Licensing...

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marcov
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Re: Licensing...

Postby marcov » Jan 07, 2017 19:14

figosdev wrote:
If Linus Torvalds decided tomorrow that he doesnt want the old Linux versions under the GPL, too late-- the project would go on without him. When OpenOffice copyright ownership was acquired by Novell, they changed the license for new versions, but couldn't prevent the LibreOffice fork of the project.


What is your source for that? Did you actually get a lawyer's opinion, or do you just echo sentiments from pro-Linux press?
St_W
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Re: Licensing...

Postby St_W » Jan 07, 2017 20:13

datwill310 wrote:I will not make money with the OGL... But I just had a thought: what happens if someone were to program a commercial piece of software [which costs] which uses my library. What will happen then? Do the users of the library who make money have to give me some of it?
No, they don't have to. The license applies to everyone. What you can do is choosing a license which does not allow commercial use or choose the GPL which is most often not suitable for commercial use.

See also http://choosealicense.com/ for a nice overview of the terms of some common licenses.


datwill310 wrote:What is your source for that? Did you actually get a lawyer's opinion, or do you just echo sentiments from pro-Linux press?
To change a license all copyright owners must agree as caseih explained really well. When somebody contributes code to the Linux kernel the person stays copyright owner - and a huge number of people have contributed code to the Linux kernel, which makes it practically impossible to change the license: Linux will always remain GPL licensed. That was different for OpenOffice as a single company was copyright owner, so it could change the license. (In such a situation contributors typically need to sign some contract which tranfers the copyright ownership to the company; "Contributor License Agreement" / CLA). LibreOffice is a fork of OpenOffice which uses GPL and the contributors stay copyright owner; thus they are practically in the same situation as the Linux kernel.
datwill310
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Re: Licensing...

Postby datwill310 » Jan 07, 2017 20:24

St_W wrote:
datwill310 wrote:I will not make money with the OGL... But I just had a thought: what happens if someone were to program a commercial piece of software [which costs] which uses my library. What will happen then? Do the users of the library who make money have to give me some of it?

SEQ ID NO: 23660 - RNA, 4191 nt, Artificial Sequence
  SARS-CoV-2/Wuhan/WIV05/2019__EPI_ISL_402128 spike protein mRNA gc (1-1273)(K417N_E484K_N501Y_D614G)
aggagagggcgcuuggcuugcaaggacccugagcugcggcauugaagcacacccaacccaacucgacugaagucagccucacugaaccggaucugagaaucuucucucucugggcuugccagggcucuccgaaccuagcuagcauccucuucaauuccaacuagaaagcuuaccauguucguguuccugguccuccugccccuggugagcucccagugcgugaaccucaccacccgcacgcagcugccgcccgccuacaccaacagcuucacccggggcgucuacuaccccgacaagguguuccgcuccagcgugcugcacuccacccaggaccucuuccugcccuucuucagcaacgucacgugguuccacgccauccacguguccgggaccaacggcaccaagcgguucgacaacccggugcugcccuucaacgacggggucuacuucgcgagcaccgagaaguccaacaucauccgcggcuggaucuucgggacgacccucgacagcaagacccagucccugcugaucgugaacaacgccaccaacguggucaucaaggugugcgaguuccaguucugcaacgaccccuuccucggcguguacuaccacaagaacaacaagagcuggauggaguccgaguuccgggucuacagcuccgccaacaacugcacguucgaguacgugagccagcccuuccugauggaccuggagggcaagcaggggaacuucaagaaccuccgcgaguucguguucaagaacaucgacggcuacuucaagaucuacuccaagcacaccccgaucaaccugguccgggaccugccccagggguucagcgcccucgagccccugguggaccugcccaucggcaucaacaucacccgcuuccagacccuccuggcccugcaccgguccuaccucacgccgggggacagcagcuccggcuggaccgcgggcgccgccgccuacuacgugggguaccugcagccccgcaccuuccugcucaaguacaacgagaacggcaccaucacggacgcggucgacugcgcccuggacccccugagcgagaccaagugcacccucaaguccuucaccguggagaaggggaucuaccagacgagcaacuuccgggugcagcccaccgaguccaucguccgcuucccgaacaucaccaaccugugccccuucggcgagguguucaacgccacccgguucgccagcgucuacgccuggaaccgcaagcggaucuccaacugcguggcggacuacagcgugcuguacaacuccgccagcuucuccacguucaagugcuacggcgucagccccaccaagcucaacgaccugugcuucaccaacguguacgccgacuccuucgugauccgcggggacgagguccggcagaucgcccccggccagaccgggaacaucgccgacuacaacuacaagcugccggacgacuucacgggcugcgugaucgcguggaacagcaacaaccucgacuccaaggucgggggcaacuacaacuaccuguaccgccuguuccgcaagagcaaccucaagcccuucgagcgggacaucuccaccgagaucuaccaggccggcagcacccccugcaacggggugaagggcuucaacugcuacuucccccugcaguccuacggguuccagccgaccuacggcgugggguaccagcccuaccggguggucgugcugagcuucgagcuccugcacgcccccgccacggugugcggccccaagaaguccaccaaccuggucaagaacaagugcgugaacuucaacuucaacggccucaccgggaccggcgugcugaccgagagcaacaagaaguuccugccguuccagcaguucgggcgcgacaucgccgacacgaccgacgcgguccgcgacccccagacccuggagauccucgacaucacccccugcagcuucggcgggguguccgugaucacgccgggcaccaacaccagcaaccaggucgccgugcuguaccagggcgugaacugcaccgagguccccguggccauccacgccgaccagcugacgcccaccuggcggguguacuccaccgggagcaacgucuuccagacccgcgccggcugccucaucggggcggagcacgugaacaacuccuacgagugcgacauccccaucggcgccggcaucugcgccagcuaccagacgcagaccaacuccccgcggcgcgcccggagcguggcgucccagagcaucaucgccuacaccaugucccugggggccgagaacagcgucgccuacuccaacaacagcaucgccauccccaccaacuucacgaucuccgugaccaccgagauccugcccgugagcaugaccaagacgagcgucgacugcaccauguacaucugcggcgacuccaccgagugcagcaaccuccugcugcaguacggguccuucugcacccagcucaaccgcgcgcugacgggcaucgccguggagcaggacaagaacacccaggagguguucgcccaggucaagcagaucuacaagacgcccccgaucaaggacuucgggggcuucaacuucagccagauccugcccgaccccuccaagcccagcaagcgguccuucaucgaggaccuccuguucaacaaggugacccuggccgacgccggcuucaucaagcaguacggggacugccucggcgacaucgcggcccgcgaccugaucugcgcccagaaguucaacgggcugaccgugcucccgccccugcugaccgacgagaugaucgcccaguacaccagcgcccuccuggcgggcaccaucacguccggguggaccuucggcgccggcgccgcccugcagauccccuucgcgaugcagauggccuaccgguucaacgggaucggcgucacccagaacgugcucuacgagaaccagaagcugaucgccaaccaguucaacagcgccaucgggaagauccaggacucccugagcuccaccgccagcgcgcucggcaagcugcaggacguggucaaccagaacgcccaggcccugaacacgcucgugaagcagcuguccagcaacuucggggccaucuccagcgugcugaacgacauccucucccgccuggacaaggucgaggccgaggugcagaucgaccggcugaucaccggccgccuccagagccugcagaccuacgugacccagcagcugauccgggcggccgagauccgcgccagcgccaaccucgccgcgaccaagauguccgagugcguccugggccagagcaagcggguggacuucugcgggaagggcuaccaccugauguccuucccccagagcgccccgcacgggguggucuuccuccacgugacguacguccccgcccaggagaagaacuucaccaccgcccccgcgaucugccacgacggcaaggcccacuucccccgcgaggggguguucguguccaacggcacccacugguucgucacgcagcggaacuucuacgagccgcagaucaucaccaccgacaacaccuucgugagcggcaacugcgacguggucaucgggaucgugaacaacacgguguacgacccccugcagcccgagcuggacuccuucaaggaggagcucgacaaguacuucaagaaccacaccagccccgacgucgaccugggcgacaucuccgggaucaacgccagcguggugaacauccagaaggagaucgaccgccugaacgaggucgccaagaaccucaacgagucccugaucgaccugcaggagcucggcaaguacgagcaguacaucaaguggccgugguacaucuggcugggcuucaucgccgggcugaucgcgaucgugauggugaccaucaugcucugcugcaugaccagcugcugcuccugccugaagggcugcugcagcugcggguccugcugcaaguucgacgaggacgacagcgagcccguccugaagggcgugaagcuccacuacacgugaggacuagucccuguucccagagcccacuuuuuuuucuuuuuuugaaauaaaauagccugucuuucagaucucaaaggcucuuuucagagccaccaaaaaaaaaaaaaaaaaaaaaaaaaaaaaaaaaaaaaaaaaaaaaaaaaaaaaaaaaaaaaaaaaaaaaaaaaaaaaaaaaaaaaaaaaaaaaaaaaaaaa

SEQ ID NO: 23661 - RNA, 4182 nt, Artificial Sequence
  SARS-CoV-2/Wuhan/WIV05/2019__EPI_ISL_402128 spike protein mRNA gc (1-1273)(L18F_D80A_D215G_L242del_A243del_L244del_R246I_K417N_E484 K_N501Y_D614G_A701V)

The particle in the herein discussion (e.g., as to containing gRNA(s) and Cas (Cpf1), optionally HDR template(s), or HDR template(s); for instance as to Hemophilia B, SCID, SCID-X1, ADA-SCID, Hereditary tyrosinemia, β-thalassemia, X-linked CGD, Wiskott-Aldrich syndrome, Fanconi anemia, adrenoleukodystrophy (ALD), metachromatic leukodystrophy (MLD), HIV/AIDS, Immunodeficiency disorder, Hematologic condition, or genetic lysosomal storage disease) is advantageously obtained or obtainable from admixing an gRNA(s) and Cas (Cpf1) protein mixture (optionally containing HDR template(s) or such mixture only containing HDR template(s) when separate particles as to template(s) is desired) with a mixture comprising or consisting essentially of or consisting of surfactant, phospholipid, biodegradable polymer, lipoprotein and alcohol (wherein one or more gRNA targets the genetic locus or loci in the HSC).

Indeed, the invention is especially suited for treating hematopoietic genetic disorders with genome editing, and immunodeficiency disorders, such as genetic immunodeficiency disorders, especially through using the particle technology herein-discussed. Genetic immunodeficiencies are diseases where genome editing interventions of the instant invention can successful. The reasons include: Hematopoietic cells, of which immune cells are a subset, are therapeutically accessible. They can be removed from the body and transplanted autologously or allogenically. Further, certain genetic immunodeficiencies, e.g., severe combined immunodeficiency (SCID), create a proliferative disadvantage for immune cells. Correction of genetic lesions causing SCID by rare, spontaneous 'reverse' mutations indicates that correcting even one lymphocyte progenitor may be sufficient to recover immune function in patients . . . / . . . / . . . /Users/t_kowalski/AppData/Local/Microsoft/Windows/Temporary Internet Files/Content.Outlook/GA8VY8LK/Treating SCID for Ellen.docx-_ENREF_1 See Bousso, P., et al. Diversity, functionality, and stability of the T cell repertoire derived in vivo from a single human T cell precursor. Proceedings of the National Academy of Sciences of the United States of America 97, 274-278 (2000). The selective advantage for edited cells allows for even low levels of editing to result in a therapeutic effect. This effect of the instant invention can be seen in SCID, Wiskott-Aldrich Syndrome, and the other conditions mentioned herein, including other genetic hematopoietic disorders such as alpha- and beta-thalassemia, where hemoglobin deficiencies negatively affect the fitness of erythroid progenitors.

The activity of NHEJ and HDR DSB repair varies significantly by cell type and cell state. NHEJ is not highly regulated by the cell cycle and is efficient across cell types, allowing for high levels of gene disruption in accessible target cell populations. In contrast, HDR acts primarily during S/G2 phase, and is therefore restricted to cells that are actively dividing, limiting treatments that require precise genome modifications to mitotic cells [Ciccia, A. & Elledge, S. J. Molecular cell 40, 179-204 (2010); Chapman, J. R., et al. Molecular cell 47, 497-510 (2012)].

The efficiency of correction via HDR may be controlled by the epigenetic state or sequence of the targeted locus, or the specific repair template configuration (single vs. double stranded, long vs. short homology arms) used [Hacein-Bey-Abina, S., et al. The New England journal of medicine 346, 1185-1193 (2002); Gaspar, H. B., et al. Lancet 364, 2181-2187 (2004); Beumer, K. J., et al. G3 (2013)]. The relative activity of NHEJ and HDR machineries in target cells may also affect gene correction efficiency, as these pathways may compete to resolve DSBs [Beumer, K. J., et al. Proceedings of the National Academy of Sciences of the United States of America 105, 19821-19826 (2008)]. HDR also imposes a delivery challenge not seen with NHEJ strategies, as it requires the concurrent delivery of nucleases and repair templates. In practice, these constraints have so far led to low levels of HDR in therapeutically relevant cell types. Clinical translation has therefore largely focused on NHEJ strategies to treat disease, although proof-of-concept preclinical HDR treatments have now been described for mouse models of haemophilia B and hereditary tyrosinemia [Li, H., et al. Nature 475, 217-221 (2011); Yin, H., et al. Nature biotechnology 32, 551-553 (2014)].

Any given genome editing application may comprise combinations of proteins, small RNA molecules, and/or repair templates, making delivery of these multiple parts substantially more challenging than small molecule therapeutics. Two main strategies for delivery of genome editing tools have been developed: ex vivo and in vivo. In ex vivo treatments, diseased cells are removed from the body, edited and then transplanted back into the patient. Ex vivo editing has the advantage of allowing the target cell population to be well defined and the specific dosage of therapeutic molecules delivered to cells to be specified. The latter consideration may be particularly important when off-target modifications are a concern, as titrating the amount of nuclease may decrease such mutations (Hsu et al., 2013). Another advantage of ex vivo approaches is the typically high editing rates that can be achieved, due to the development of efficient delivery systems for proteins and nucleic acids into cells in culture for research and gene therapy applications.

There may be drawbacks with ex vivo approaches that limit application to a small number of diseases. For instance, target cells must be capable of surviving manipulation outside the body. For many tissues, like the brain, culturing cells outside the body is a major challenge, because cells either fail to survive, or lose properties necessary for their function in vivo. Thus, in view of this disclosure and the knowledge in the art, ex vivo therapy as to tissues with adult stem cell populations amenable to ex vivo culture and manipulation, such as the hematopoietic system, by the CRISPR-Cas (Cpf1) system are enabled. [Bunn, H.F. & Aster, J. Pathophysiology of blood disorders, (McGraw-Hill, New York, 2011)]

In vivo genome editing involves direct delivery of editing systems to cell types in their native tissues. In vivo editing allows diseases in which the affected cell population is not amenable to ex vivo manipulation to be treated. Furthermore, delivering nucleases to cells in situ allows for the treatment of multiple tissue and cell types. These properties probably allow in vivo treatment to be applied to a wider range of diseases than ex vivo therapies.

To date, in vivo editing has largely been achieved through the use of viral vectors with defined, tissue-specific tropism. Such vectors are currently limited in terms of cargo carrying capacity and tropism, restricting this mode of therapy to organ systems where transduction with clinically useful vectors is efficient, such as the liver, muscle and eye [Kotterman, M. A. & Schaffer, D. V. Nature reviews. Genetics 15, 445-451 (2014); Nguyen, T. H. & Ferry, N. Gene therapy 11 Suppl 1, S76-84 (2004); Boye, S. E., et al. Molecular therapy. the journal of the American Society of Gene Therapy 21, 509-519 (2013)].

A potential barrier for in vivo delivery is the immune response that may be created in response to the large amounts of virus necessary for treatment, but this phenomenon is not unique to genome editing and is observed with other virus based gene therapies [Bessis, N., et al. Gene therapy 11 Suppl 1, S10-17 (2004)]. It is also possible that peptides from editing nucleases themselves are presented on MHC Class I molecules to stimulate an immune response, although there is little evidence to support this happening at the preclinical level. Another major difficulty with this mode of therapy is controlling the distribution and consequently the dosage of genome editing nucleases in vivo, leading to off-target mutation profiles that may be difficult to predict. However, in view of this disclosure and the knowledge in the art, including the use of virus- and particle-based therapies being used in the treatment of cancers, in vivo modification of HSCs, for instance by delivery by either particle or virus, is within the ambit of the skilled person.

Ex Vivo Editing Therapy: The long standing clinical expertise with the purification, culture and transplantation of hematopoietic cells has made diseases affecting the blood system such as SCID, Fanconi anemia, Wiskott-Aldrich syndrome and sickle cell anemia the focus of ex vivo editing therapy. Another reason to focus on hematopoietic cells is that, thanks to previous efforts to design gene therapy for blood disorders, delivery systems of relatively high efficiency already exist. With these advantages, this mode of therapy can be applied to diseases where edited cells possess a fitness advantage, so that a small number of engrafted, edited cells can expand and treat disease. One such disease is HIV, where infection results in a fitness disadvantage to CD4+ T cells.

No, they don't have to. The license applies to everyone. What you can do is choosing a license which does not allow commercial use or choose the GPL which is most often not suitable for commercial use.

See also http://choosealicense.com/ for a nice overview of the terms of some common licenses.

I don't think making money out of other's works is bad, but only under certain conditions, i.e. they use my resource, and it is not plagiarism/stealing my work and saying it is theirs. If another was to use my library to program commercial software, I'm fine with that: they can have the money: after all, its the software they're paying for, not my library.

This is what I mean: if someone earns money through their software which utilises my library, that's more than acceptable to me.

However, if someone earns money through the library itself, then I'm having an issue. I intend for the OGL to be free, and if somebody comes along and charges for it, this is wrong in my eyes.

Hopefully this license will protect the OGL's openness and freedom for use and modification/extension, as well as the ownership rights I have as the main developer.

Yes, that site seems helpful and was linked (created?) by the guys behind GitHub (am I right in thinking that one of those was Linus Torvalds?).

Thank you all for your help.

PS btw, I didn't say this ;)
St_W wrote:
datwill310 wrote:What is your source for that? Did you actually get a lawyer's opinion, or do you just echo sentiments from pro-Linux press?
caseih
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Re: Licensing...

Postby caseih » Jan 07, 2017 21:26

If you license you code under some arbitrary license, such as the GPL, and if a commercial entity wants to use your library in a proprietary way that's disallowed or made difficult by the license you chose, they are always free to negotiate different terms with you, the copyright holder. That could involve them paying you to use the license. Or just asking nicely.